Current Controversies in Sepsis Management

Stephanie R. Moss, MD; Hallie C. Prescott, MD, MSc

Disclosures

Semin Respir Crit Care Med. 2019;40(5):594-603. 

In This Article

Vitamin C in Sepsis

In recent years, there has been interest in evaluating the ability of vitamin C to attenuate sepsis-related organ dysfunction and mortality.[51] During critical illness, such as trauma, ischemia/reperfusion, and sepsis, cytokine release and reactive oxygen species lead to oxidative stress and tissue injury.[52,53] This can be mitigated by antioxidants such as vitamin C, but vitamin C levels are low in most patients with septic shock.[54] In animal models, vitamin C supplementation attenuated sepsis-related organ dysfunction,[55–57] and so there has been increasing interest in testing vitamin C supplementation in clinical practice. Vitamin C has a good safety profile in numerous patient populations,[57–60] although increased oxalate levels (via endogenous conversion) have been reported in some patients with standard supplementation levels (2,000 mg/day), which can increase risk of renal stone formation, particularly among men.[61,62] Also, there have been case reports of renal failure in patients who receive very high doses (e.g., 45 g/day) of vitamin C.[63,64]

Several studies have evaluated vitamin C supplementation in trauma and burn populations. In one study of a critically ill surgical population, 595 patients (91% trauma patients) were randomized to vitamin C supplementation versus standard care, and the vitamin C arm had lower rates of multiorgan failure, shorter duration of mechanical ventilation, and shorter ICU length of stay.[65] A large retrospective observational study of 4,294 trauma patients found a 28% relative risk reduction in mortality, and decreased length of stay with an antioxidant protocol including vitamin C.[66] Two small studies, one randomized and one observational, of burn patients in Japan found that high-dose vitamin C infusion (66 mg/kg/h for 24 hours) was associated with decreased fluid requirements and increased urine output, without an increase in renal dysfunction.[60,67]

With respect to sepsis management, a small (n = 24) phase I randomized placebo-controlled clinical trial assessed safety and tolerability of vitamin C (at 50 and 200 mg/kg/day dosings) in a medical ICU population with severe sepsis.[68] There were no adverse events with vitamin C, and reductions in SOFA score, procalcitonin, and C-reactive protein compared with controls. In a more recent randomized study in a surgical population with septic shock, patients randomized to vitamin C required lower doses and shorter duration of vasopressor therapy.[69] The proposed mechanism for this effect is that vitamin C acts as a cofactor for endogenous norepinephrine and vasopressin synthesis.[70]

In a recent publication in Chest, Marik et al performed a retrospective pre/postclinical study comparing patients treated with IV vitamin C (1.5 g every 6 hours), hydrocortisone (50 mg every 6 hours), and thiamine (200 mg every 12 hours) to matched patients treated with standard practice.[71] This particular three-drug regimen was prescribed because prior literature suggests that glucocorticoids have a synergistic effect with vitamin C in regard to antioxidant and anti-inflammatory activity.[71] Thiamine was added because thiamine deficiency has been associated with increased mortality in sepsis.[72] Moreover, thiamine deficiency increases the conversion of glyoxylate to oxalate;[73] therefore it was hypothesized that thiamine supplementation would minimize any risk of oxalate deposition conferred by the vitamin C itself.[71]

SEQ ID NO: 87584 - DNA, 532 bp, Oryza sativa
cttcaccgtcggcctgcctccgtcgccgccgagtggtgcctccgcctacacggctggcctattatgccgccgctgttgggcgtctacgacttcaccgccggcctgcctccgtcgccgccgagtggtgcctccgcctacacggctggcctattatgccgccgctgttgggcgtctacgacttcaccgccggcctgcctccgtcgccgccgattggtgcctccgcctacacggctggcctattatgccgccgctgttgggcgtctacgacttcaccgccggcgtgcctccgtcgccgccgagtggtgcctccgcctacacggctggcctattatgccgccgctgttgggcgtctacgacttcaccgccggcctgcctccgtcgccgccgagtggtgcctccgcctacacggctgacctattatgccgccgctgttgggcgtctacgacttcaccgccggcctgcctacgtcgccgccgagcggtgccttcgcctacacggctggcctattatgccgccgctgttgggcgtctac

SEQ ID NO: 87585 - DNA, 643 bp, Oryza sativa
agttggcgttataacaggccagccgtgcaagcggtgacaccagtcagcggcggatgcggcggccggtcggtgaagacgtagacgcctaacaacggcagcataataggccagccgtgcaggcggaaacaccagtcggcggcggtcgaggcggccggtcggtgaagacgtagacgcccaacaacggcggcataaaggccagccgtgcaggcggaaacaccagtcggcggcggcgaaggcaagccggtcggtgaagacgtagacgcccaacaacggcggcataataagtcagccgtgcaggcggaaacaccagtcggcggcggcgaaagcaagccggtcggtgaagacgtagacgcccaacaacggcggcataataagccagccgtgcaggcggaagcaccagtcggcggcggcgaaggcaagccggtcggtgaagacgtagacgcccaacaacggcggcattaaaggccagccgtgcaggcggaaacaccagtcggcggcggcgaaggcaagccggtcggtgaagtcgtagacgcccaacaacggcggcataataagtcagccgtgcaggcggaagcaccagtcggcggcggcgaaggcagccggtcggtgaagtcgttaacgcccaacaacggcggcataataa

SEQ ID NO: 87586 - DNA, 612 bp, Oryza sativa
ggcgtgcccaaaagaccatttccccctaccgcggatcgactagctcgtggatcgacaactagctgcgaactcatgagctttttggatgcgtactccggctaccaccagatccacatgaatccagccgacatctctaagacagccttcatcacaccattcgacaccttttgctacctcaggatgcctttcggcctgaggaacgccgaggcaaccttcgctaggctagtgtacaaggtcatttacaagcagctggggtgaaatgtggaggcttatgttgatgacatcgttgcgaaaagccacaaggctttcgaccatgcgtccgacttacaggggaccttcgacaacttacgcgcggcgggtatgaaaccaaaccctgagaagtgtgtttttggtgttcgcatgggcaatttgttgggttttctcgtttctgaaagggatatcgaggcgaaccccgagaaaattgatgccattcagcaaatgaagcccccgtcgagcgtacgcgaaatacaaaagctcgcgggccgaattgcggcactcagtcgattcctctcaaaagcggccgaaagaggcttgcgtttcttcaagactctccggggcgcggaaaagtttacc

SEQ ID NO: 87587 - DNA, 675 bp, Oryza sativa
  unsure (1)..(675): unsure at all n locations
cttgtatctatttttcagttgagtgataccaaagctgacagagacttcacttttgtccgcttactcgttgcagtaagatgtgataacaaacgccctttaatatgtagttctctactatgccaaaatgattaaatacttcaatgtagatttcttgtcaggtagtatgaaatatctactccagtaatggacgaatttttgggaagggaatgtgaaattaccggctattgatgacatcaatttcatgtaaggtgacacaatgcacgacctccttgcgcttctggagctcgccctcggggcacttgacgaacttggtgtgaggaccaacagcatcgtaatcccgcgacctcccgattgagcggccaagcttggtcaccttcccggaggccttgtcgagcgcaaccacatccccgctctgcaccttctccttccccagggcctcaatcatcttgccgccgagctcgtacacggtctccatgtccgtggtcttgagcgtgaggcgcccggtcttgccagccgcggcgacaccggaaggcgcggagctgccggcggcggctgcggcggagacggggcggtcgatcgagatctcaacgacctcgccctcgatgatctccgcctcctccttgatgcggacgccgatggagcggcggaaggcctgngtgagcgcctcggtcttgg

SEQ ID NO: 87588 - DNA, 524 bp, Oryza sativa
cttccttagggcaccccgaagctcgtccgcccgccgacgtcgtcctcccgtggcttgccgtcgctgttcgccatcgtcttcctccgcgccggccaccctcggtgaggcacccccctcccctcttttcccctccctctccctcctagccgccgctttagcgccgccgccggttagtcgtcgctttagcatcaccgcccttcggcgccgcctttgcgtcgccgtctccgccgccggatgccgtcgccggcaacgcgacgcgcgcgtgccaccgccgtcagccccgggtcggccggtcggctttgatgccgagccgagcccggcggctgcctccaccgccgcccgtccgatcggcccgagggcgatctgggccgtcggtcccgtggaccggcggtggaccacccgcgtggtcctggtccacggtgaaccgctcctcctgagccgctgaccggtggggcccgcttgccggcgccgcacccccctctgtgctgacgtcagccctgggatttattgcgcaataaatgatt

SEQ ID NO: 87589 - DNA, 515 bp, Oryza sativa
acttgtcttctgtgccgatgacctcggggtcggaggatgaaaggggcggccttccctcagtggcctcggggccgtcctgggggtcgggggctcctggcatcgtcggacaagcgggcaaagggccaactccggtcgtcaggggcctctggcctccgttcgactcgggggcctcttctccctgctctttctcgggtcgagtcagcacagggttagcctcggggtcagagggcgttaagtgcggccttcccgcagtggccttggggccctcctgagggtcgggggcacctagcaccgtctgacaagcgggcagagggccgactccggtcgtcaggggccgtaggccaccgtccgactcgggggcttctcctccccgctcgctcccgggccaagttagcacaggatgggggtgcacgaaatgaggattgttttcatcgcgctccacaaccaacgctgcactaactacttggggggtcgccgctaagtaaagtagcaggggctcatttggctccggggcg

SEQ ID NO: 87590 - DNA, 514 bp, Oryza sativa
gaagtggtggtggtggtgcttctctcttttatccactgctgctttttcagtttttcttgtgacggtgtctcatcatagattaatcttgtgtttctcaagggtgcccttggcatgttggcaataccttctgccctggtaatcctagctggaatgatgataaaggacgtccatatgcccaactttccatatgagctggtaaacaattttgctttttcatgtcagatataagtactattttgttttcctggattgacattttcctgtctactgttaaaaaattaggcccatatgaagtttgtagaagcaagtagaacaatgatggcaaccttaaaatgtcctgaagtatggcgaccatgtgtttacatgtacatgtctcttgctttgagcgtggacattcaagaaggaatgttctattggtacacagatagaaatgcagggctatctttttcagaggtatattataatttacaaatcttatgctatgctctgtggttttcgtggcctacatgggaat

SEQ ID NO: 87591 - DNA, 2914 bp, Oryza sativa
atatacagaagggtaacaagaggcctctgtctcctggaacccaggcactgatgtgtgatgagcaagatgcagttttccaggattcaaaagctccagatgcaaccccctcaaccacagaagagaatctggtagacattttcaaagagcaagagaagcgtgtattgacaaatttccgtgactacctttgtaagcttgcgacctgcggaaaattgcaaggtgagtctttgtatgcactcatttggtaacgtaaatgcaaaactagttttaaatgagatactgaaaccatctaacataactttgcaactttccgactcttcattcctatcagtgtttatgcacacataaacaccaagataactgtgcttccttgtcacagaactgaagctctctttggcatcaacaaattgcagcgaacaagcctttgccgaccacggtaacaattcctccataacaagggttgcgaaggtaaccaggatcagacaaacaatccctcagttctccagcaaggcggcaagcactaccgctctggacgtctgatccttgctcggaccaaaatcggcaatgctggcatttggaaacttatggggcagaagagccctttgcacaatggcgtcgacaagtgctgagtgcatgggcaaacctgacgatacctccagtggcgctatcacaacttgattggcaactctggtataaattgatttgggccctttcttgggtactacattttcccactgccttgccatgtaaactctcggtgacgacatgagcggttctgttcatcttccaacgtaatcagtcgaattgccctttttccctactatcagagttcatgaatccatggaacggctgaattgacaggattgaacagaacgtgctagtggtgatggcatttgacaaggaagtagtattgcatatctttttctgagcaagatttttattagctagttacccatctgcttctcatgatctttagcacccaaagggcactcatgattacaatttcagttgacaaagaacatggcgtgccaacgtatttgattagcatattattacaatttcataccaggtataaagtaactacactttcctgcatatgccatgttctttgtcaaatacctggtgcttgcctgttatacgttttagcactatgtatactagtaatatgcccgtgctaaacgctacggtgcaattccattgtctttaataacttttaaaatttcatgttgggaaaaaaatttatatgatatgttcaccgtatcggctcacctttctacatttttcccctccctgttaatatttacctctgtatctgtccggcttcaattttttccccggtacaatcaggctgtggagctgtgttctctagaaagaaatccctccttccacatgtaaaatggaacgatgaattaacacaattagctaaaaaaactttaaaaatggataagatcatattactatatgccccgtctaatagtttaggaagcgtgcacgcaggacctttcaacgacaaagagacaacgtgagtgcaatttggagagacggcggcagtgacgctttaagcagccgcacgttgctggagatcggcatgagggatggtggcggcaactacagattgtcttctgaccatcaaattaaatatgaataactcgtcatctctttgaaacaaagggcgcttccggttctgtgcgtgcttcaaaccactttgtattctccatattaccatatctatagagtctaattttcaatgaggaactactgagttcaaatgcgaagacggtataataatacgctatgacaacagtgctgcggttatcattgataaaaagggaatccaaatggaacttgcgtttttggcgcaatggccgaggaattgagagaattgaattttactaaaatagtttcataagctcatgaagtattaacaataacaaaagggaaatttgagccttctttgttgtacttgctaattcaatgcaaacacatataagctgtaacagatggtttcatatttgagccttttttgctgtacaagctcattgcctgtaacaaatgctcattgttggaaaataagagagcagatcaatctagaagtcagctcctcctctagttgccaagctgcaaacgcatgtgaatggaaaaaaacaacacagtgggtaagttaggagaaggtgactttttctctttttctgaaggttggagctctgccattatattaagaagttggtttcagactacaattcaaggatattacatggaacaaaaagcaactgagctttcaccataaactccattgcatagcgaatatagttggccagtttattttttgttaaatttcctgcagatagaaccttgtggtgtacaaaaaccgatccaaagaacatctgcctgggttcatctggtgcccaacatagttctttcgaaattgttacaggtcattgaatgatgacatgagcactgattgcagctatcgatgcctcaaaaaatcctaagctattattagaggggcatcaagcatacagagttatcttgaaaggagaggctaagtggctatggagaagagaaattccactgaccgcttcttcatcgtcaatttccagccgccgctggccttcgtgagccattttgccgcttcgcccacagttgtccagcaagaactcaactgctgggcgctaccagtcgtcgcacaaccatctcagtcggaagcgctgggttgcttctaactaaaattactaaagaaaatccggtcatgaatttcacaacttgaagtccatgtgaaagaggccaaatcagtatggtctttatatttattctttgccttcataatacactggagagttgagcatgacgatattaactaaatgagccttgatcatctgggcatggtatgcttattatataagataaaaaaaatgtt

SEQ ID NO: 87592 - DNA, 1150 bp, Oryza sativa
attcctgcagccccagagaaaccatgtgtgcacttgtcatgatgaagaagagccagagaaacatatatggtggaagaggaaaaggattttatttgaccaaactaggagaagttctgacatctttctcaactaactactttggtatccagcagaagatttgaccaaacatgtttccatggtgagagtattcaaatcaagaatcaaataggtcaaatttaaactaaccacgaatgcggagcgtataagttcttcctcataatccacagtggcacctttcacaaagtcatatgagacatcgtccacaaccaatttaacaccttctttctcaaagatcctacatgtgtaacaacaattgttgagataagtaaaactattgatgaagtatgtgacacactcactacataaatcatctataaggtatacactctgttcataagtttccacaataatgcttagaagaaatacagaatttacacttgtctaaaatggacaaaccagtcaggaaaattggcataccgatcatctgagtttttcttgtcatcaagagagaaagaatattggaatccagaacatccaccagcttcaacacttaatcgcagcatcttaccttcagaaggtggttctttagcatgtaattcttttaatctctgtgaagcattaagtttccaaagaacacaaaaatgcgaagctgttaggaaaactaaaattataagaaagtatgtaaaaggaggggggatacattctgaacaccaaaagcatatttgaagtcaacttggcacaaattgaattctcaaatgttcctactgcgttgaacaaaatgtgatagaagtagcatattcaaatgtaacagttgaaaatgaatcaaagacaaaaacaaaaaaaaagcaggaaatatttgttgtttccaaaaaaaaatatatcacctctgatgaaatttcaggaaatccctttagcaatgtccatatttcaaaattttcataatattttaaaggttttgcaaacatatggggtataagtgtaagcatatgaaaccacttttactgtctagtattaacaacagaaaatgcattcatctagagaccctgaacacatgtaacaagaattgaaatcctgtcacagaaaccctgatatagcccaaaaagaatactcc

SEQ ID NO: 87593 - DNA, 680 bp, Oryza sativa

The study included a total of 94 patients split evenly between control and experimental groups. Control patients received hydrocortisone based on provider discretion (60% were treated with hydrocortisone). Patients treated with the vitamin C protocol had dramatically lower mortality—an 87% relative reduction and 32% absolute reduction in in-hospital mortality relative to the matched controls. In addition, vitamin C-treated patients had a shorter duration of vasopressor-dependent shock, a faster clearance of procalcitonin, and a lower rate of renal replacement (despite concerns about oxalate deposition in acute kidney injury with vitamin C therapy).[71]

The results from Marik et al are on one hand exciting. Vitamin C, thiamine, and hydrocortisone are inexpensive, widely available, and could be readily implemented at scale, even in lower resource settings. However, it was a small, single-center, nonrandomized study with historical controls. These factors limit the generalizability of the findings. Moreover, the effect size is implausibly large. Two recent reviews of vitamin C therapy in sepsis conclude that there is insufficient evidence to recommend changes to clinical practice.[53,57] Rather, the results of Marik et al must be replicated in a prospective, multicenter RCT before vitamin C should be used in standard practice. Fortunately, several trials are underway. The VICTAS trial is multicenter, placebo-controlled and double-blinded, with a goal recruitment of 2,000 subjects from 40 medical centers in the United States (NCT #03509350).[74] Meanwhile the Australian and New Zealand Intensive Care Society is conducting a randomized, open-label trial called VITAMINS (NCT # 03333278).[75]

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